R. Vega writes a lot of names for a living.
He's a tattoo artist at Simply Ink, a parlor on South San Pedro Street, just north of Adams Boulevard.
"Names are one of the most common tattoos people get," Vega said. "And they're also one of the most common things people get covered up."
With another tattoo, that is. Vega said when people, say, break up with the person whose name is on their bicep, they'll often get another design inked over it, rather than subject themselves to painful laser removal surgery. Vega says that hurts more than getting a tattoo.
"It hurts like crazy," he said. "It's like getting a sunburn in one specific area. It shoots a blast of light, and the light is so intense that it literally burns the skin and makes the ink of the tattoo break off into little particles." Sometimes it takes more than one laser session, depending on the darkness and color of the ink, but the tattoo will eventually fade into nothing.
Tattoo removal was the subject of a new Italian study which looked at removal success rates among 352 of the regretfully-inked.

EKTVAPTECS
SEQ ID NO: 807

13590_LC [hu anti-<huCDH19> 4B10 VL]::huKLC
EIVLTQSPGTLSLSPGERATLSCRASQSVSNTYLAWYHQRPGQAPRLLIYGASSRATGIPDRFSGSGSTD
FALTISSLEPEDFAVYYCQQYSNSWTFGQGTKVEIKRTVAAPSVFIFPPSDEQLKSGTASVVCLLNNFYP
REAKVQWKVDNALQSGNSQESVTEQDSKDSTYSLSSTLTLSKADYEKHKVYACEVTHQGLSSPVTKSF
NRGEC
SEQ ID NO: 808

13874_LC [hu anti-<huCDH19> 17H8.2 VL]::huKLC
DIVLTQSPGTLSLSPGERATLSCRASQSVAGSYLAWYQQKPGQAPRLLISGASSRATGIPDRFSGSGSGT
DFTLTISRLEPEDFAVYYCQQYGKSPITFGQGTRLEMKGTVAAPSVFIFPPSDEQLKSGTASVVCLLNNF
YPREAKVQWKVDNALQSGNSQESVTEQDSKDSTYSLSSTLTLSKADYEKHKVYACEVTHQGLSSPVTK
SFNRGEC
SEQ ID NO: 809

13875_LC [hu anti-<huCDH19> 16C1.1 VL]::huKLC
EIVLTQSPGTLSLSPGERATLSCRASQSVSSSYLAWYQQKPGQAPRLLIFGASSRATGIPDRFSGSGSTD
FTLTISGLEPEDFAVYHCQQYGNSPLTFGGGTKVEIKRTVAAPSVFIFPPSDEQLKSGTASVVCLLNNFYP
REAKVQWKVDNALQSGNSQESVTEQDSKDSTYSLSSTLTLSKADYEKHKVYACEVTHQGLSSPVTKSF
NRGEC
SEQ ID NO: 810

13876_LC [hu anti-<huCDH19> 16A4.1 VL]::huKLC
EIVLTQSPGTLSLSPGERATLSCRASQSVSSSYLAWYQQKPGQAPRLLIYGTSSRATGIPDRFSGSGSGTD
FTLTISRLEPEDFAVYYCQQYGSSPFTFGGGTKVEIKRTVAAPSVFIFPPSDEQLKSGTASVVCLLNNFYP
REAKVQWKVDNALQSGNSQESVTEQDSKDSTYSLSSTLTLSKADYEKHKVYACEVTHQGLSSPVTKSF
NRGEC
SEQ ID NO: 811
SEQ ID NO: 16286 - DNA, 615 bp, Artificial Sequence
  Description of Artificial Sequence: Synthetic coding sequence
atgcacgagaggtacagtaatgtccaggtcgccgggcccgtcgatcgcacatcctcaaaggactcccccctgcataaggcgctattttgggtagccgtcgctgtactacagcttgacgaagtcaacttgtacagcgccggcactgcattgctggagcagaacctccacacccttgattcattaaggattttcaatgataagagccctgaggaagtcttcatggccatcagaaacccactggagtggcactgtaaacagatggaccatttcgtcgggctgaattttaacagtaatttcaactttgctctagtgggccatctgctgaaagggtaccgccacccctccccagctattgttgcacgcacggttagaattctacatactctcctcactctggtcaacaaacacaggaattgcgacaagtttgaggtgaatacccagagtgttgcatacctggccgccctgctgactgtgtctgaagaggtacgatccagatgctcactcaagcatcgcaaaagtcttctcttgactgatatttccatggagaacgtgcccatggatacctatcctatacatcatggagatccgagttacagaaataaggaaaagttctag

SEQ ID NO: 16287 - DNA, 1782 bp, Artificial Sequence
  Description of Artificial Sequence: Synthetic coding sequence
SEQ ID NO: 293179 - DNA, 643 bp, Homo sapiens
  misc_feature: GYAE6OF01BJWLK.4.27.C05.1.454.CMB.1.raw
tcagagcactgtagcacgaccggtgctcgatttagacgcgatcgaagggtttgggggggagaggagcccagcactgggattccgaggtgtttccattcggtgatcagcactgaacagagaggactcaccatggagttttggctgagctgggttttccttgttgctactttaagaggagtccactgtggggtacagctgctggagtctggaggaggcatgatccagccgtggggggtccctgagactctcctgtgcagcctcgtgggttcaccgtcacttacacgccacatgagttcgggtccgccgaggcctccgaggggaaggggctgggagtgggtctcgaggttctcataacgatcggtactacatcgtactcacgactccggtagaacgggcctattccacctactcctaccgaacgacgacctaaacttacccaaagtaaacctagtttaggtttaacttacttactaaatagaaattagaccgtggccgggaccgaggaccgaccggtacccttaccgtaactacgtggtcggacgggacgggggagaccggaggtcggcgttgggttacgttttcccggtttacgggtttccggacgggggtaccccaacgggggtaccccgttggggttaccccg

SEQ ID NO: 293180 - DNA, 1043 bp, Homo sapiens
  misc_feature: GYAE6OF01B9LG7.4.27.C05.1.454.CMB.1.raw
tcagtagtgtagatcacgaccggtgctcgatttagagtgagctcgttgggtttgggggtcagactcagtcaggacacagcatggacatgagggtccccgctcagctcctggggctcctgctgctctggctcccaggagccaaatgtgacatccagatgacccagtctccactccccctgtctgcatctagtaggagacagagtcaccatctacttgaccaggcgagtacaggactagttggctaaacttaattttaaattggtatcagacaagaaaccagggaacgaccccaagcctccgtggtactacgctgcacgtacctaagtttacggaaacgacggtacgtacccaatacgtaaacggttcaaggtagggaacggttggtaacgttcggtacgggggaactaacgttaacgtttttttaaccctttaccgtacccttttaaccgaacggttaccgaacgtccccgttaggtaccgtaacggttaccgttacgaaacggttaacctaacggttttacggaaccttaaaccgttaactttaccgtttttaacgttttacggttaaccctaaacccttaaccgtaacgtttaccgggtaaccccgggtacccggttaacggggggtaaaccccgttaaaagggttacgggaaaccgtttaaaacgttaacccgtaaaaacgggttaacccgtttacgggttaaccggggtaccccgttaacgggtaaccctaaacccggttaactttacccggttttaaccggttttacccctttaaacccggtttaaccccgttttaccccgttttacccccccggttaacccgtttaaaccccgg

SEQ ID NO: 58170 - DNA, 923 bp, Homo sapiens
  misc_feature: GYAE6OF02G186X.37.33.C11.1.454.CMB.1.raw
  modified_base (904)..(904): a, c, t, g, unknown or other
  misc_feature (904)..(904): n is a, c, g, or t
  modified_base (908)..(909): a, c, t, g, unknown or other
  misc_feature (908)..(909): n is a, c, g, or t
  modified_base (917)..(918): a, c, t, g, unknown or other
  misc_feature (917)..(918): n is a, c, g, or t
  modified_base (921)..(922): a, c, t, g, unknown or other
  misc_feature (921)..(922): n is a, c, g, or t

First, researchers saw that around 47 percent of patients' tattoos were gone after 10 laser sessions. That percentage went up to nearly 75 after 15 sessions.
They also found it was harder to remove tattoos if they were:
– On the body of a smoker
– Colored in shades other than black or red
– Located on the feet or legs
– More than three years old
– Particularly dark
– Treated at intervals of eight weeks or less
So keep that in mind when you get that fuchsia-and-royal blue calligraphy lettering of your girlfriend of five month's name tattooed down your left calf.
When prospective customers come into Simply Ink, Vega has them search the Internet for patterns, themes, designs and drawings to get a sense of exactly what they want their tattoo to look like. That's "so they get what they want in one shot, and not regret anything later," he explained.
Tattoo removal surgery is no joke, he reminds us. "One single little star" will come off after a single laser session, he said, but someone who wants to make their tribal band go away is facing at least four painful sessions.
"And if the person performing the procedure doesn't know what they're doing, they can give you a third-degree burn if they're doing it wrong," said Vega.
All that is to say think twice about the tattoo you buy before going under the needle. Vega says names "look good on paper" – but to proceed with caution.
"'The mentality is 'I'll have my girlfriend or boyfriend for the next 50 years,'" he said. "Then they break up."
The study appeared in the Archives of Dermatology.
Photo by damselfly58 via Flickr Creative Commons.